In the words of the Press:
The optimum word is "possibly"
The Swim Title
It captures the capricious spirit of the possibly annual Hawaiian Christmas Looong Distance Invitational Rough-H20 Swim, an adventure intended to be taken seriously for serious fun.
This Year's Swim
Sunday's 4.33-mile (7-kilometer) race is scheduled to be held for the 32nd time in 33 years. The probability is close to 100 percent that the 42 entered swimmers will get the go-ahead to go from San Souci Beach to the outer Ala Wai Harbor channel buoy and return. For sure? The unpredictability of that matches the unpredictability of the conditions. It's Mother's Nature's playtime, where the water can change in a matter of strokes.
"You just never know what's going to happen that day," said Hawaii's Linda Kaiser, acknowledged as one of the pioneers of ocean swimming and one of two people to swim all nine of Hawaii's major channels. "One time, it took four hours to go down and a half-hour to come back.
In Case You Missed It, This Is:
32nd Possibly Annual Hawaiian Christmas Looong Distance Invitational Rough-H20 Swim
>> 8 a.m. Sunday, San Souci Beach to Ala Wai Harbor buoy and back n 4.33 miles (7 kilometers)
>> Entries closed
Ocean Swimmer Minds:
"Sometimes you're halfway back to the finish and you're asking yourself, 'Why am I doing this?' Then after a couple of months, you start planning to do it again."
Only the Chosen
There is a mystique equated with a journey to Oz to see the wizard, according to Rick Heltzel, who has won the event a record 12 times. The entry process is a bit different with applicants needing to be approved by race founder and director Jim Anderson before receiving an invitation to compete. "The first time I came here was in 1983 and I wanted to do this swim," said Heltzel, a standout swimmer at Stanford. "Jim didn't know who I was. I had one day to turn in my entry and I hand-carried it to his house. It was like going to see the Wizard of Oz. I kept thinking, 'I hope I get accepted.' "I was pretty excited when I got my invitation."
Heltzel, another recognized pioneer in the sport, finished fourth overall in his first outing. He won his first in 1985 and his 12th in 2011, claiming his age group title every year when he wasn't the overall champion. His record in 1989 (1 hour, 26 minutes, 55 seconds) was reset a year later by world open water champion Greg Slippert of Canada (1:24:44). Heltzel's 1989 time remains second-best all-time. Anderson has only canceled the race once (in 2007 due to his health issues).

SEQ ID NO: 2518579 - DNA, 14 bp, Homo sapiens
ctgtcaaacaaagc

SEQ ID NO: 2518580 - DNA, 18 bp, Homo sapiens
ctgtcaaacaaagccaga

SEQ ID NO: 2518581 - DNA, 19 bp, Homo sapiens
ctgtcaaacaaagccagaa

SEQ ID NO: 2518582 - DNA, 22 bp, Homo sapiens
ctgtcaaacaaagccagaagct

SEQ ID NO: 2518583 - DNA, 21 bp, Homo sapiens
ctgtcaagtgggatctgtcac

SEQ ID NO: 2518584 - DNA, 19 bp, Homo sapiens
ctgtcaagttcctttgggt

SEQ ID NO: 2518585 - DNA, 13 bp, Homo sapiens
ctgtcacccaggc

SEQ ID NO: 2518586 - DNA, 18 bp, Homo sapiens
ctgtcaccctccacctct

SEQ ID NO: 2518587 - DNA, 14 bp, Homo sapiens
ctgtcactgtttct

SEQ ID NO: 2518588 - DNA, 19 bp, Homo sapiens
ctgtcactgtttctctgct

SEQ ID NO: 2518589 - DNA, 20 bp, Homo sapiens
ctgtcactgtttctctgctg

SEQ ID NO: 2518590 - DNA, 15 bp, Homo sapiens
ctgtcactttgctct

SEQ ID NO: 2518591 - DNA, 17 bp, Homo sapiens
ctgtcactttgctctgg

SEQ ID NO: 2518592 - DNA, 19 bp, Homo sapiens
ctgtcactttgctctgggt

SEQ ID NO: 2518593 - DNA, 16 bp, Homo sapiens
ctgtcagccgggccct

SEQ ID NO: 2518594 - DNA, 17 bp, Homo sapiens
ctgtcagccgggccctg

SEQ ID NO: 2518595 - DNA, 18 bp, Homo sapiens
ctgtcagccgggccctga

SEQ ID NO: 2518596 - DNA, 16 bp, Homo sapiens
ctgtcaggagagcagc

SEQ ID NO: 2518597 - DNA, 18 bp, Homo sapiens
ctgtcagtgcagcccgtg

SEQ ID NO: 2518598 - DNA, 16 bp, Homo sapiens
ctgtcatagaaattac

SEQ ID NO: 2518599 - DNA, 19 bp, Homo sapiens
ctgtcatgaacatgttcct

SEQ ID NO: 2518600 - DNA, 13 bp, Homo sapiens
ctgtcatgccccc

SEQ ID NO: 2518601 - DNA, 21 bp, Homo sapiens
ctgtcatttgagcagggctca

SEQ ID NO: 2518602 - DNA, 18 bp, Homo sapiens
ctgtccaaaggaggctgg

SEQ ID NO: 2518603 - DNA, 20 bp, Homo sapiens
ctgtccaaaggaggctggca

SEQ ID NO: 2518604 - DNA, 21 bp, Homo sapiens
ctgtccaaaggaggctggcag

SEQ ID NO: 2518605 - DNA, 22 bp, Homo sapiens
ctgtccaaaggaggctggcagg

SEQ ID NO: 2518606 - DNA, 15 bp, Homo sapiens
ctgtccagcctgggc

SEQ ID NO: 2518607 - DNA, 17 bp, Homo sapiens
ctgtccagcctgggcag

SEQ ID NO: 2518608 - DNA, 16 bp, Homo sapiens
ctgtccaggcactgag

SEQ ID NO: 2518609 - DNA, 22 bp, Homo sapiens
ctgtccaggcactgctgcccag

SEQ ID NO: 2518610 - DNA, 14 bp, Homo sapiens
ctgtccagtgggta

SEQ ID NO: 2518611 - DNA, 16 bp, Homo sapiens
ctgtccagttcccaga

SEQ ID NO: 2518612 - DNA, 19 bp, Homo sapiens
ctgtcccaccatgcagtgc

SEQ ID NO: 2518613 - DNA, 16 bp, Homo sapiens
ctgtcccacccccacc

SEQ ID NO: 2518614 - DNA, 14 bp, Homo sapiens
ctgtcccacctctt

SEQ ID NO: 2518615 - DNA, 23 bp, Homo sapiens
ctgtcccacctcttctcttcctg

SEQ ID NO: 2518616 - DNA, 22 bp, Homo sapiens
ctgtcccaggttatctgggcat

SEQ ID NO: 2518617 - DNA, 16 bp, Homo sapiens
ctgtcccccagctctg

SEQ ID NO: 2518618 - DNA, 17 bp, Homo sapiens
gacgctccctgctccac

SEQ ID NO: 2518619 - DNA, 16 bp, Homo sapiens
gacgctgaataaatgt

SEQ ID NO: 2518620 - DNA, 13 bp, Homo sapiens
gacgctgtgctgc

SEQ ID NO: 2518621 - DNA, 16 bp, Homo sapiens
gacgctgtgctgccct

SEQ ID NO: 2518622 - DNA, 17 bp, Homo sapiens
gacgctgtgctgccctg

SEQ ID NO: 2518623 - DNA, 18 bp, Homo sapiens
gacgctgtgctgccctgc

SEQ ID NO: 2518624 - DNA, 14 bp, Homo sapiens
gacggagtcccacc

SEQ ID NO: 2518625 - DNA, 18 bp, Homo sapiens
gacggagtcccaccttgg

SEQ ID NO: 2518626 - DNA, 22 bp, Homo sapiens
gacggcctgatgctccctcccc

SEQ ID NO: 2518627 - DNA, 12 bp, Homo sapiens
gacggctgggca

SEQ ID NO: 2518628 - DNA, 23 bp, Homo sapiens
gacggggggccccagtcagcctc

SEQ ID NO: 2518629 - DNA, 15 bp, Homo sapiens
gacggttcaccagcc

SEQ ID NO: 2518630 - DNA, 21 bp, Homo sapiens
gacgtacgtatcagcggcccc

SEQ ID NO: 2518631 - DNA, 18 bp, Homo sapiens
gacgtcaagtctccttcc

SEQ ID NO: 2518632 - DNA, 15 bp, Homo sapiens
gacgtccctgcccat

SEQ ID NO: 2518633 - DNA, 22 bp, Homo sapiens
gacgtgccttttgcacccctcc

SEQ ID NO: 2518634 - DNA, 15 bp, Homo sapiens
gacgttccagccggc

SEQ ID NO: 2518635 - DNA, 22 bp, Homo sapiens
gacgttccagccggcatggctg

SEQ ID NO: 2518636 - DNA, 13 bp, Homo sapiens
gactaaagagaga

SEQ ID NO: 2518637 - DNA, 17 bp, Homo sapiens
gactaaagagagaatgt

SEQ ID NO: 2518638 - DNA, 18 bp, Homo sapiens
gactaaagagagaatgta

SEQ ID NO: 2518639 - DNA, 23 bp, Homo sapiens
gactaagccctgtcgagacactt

He also has only denied one application: Mickey Campaniello. "If I had known who he was other than he was a runner, I would have let him swim," Anderson said of the well-known Hawaii marathon runner. "He was super fit and it wouldn't have been a problem for him. We all have a good time still talking about that."
Safety Rules Supreme:
However safety is primary for Anderson. Swimmers have to provide a resume of sorts, showing they are capable of the distance, known as the Double Waikiki Roughwater Swim. Swimmers also are required to provide an escort on a non-motorized water craft such as a kayak or surfboard. The escorts must themselves be in excellent condition with strong water knowledge; they are allowed to carry nourishment for the swimmers.
"The escorts are the unsung heroes," Heltzel said. "This swim is absolutely my favorite swim in all the world and it's doable for pretty much anyone who sets their mind to it. Getting escorted the whole way makes you feel more comfortable, especially if you're new to the ballgame." There's been a couple of occasions where it's gotten pretty nasty out there and the swimmers have had to leave some of their escorts behind who couldn't keep up."
Earlier this year the event was one of the first to be sanctioned by the World Open Water Swimming Association. It recognizes that the race promotes the sport and does so in a safe manner in keeping with the international rules and regulations.
Unique Open Water
And it's done in the best waters on the planet, Anderson said" No question in my mind that, as (TV meteorologist) Guy Hagi says, we have the best weather on the planet AND the best waters," he said. "One of our Italian competitors described it as a living, breathing thing. Most of the Olympic events are done on lakes, in calm waters. Here, we get whatever Mother Nature wants. "It's a different swim going down and coming back. It's the only event we have where navigation plays a big role."
12 Month Season:
That the race is held in December is not to make it Hawaii's version of a polar bear swim. It was done so, according to Anderson, to fill that gap between the traditional end of swimming season -- the Labor Day Roughwater Swim -- and the beginning in April. "Putting it in December, there was another reason to swim and workout," he said. "It changed the whole swimming community."